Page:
A Worst-Case Optimal Framework for Arbitrary Join Queries

Project

A Worst-Case Optimal Framework for Arbitrary Join Queries

Principal Investigator

Kunle Olukotun

Stanford University, Department of Electrical Engineering

Oracle Fellowship Recipient

Chris Aberger

Oracle Principal Investigator

Hassan Chafi, Vice President, Research and Advanced Development
Sungpack Hong, Senior Research Director

Summary

Recent work on the relational join has introduced algorithms that are asymptotically faster for a large class of queries than the pairwise-join-based query plans which are prevalent in commercial database systems. We are continuing research on a query compiler, DunceCap, which takes advantage of these theoretical advances to produce optimal query plans based on variations of two algorithms that are asymptotically better than traditional pairwise algorithms. The first is Yannakakis’ classical algorithm for acyclic queries. The second is a more recent algorithm which can be applied to any query and has a linear runtime with respect to the worst-case size of the output. We study the tradeoff space between these two algorithms and their variations, and find that the query plans compiled by our system can outperform standard RDBMS algorithms as well as simple worst-case optimal algorithms by an order of magnitude on a variety of queries.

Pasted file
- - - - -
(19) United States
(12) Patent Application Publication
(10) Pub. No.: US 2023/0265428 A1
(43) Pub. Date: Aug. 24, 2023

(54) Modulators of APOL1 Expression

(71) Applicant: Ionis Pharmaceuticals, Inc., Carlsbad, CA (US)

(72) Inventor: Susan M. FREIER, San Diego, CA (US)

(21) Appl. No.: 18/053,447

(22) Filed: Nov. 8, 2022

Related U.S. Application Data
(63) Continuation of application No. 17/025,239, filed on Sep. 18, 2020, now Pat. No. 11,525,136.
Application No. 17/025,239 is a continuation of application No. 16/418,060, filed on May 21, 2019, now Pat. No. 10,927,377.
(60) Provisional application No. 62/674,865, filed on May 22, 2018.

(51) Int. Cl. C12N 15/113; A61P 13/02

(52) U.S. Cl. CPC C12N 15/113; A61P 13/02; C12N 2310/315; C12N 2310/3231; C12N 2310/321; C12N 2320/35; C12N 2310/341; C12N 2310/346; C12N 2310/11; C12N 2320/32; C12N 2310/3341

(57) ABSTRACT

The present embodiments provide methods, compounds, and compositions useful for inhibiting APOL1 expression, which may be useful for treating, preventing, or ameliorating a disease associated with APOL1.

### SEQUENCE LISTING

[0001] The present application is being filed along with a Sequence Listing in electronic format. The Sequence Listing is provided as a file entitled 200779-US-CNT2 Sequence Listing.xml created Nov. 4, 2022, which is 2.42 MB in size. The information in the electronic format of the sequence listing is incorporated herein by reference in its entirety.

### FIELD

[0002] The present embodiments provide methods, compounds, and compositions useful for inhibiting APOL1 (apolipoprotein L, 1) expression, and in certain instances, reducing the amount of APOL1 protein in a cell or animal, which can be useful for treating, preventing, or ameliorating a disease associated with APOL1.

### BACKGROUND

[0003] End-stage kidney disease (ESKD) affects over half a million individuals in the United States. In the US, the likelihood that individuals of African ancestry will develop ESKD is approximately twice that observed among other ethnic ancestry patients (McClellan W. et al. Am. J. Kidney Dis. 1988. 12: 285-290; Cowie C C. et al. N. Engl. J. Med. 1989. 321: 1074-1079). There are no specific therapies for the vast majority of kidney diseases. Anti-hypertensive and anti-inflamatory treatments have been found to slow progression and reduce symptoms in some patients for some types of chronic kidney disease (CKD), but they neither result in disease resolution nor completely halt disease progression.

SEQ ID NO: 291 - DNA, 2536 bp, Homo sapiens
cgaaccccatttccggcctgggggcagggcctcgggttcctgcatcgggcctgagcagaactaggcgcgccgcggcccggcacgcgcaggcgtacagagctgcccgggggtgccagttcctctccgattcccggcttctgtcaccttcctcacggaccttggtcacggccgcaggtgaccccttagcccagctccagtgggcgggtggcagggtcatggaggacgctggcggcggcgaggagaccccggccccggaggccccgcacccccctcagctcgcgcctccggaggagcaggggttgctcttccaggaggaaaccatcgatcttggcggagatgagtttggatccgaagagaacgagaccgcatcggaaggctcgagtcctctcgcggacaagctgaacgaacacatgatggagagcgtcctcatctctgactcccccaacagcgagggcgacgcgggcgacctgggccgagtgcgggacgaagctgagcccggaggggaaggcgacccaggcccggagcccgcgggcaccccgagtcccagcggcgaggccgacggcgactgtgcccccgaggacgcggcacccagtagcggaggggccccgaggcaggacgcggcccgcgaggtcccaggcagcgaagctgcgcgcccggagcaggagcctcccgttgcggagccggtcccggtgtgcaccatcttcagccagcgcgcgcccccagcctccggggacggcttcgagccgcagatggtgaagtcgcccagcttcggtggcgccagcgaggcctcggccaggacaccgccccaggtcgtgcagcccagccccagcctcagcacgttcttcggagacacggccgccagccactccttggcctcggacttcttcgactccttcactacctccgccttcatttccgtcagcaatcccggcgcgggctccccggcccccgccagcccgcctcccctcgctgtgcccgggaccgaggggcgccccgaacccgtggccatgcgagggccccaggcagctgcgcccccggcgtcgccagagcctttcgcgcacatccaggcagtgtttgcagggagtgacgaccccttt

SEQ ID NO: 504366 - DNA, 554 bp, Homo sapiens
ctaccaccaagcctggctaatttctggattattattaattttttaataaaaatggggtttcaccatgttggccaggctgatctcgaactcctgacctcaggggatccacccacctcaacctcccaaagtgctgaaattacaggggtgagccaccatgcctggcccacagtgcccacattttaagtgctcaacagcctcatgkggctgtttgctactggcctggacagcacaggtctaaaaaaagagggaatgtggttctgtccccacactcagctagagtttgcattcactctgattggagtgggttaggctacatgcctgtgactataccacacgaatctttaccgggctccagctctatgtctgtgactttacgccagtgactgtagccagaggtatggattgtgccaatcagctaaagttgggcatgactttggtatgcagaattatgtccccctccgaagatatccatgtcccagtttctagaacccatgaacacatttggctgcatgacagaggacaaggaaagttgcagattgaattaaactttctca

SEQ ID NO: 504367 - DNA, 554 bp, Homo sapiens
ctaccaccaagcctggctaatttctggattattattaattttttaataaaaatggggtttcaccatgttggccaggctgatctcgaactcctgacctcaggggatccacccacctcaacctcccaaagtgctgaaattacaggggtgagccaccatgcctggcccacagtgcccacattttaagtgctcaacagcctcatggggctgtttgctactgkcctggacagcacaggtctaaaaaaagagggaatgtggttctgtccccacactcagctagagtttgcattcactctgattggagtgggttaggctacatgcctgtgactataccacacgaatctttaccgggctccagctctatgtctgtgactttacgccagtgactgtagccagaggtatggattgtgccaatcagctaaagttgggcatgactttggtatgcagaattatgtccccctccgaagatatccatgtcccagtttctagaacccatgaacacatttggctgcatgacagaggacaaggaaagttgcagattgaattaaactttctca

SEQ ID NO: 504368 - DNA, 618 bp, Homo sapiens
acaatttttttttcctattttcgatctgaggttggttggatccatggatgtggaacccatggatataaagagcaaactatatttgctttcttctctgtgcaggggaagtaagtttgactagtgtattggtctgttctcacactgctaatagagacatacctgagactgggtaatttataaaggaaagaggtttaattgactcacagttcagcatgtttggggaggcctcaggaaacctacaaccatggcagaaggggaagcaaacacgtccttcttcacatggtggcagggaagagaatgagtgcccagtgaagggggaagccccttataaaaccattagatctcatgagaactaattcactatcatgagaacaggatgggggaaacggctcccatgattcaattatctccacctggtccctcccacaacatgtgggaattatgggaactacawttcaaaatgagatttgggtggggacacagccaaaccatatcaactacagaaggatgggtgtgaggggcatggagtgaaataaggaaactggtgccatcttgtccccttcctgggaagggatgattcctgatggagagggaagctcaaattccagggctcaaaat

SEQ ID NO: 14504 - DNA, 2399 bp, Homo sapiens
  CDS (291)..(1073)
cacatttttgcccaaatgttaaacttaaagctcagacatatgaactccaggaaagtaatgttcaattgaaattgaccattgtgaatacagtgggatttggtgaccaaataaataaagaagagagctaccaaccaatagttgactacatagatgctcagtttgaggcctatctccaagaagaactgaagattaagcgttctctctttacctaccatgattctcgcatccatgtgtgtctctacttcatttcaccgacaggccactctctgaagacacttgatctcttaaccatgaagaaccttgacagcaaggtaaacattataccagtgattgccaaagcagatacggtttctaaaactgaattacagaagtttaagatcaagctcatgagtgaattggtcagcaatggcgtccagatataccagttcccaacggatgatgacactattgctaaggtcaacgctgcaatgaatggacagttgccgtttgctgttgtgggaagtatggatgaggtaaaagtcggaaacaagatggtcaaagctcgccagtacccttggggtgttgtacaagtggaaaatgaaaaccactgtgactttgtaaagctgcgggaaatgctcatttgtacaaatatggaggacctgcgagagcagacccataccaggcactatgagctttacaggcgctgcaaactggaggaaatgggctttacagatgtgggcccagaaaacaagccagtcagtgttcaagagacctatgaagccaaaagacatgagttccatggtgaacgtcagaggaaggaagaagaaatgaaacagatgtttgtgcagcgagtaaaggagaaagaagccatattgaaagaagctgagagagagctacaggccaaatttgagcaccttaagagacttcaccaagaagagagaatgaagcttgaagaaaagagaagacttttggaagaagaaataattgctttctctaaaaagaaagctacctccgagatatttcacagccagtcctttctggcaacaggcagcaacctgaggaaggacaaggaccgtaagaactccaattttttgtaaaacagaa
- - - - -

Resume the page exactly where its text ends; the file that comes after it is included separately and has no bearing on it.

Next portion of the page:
In addition, we are are continuing research on EmptyHeaded, which is the backend storage manager and execution engine of DunceCap, our query compiler. EmptyHeaded uses recent algorithmic advances in join processing to compile patterns into Boolean algebra operations that exploit SIMD parallelism. The EmptyHeaded engine demonstrates that treating graph patterns as a general join processing problem can compete with and often outperform both specialized approaches and existing OLAP systems on graph queries. The core Boolean algebra operation performed in EmptyHeaded is set intersection. Extracting SIMD parallelism during set intersections on graph data is challenging because graph data can be skewed in several different ways. Our contributions are a demonstration of this new type of engine, with Boolean algebra at its core, an exploration of set intersection representations, and algorithms for set intersections that are optimized for skew. We demonstrate that EmptyHeaded outperforms specialized graph engines by over an order of magnitude and relational systems by over two orders of magnitude. Our results suggest that this new style of engine is a promising new direction for future graph engines and accelerators.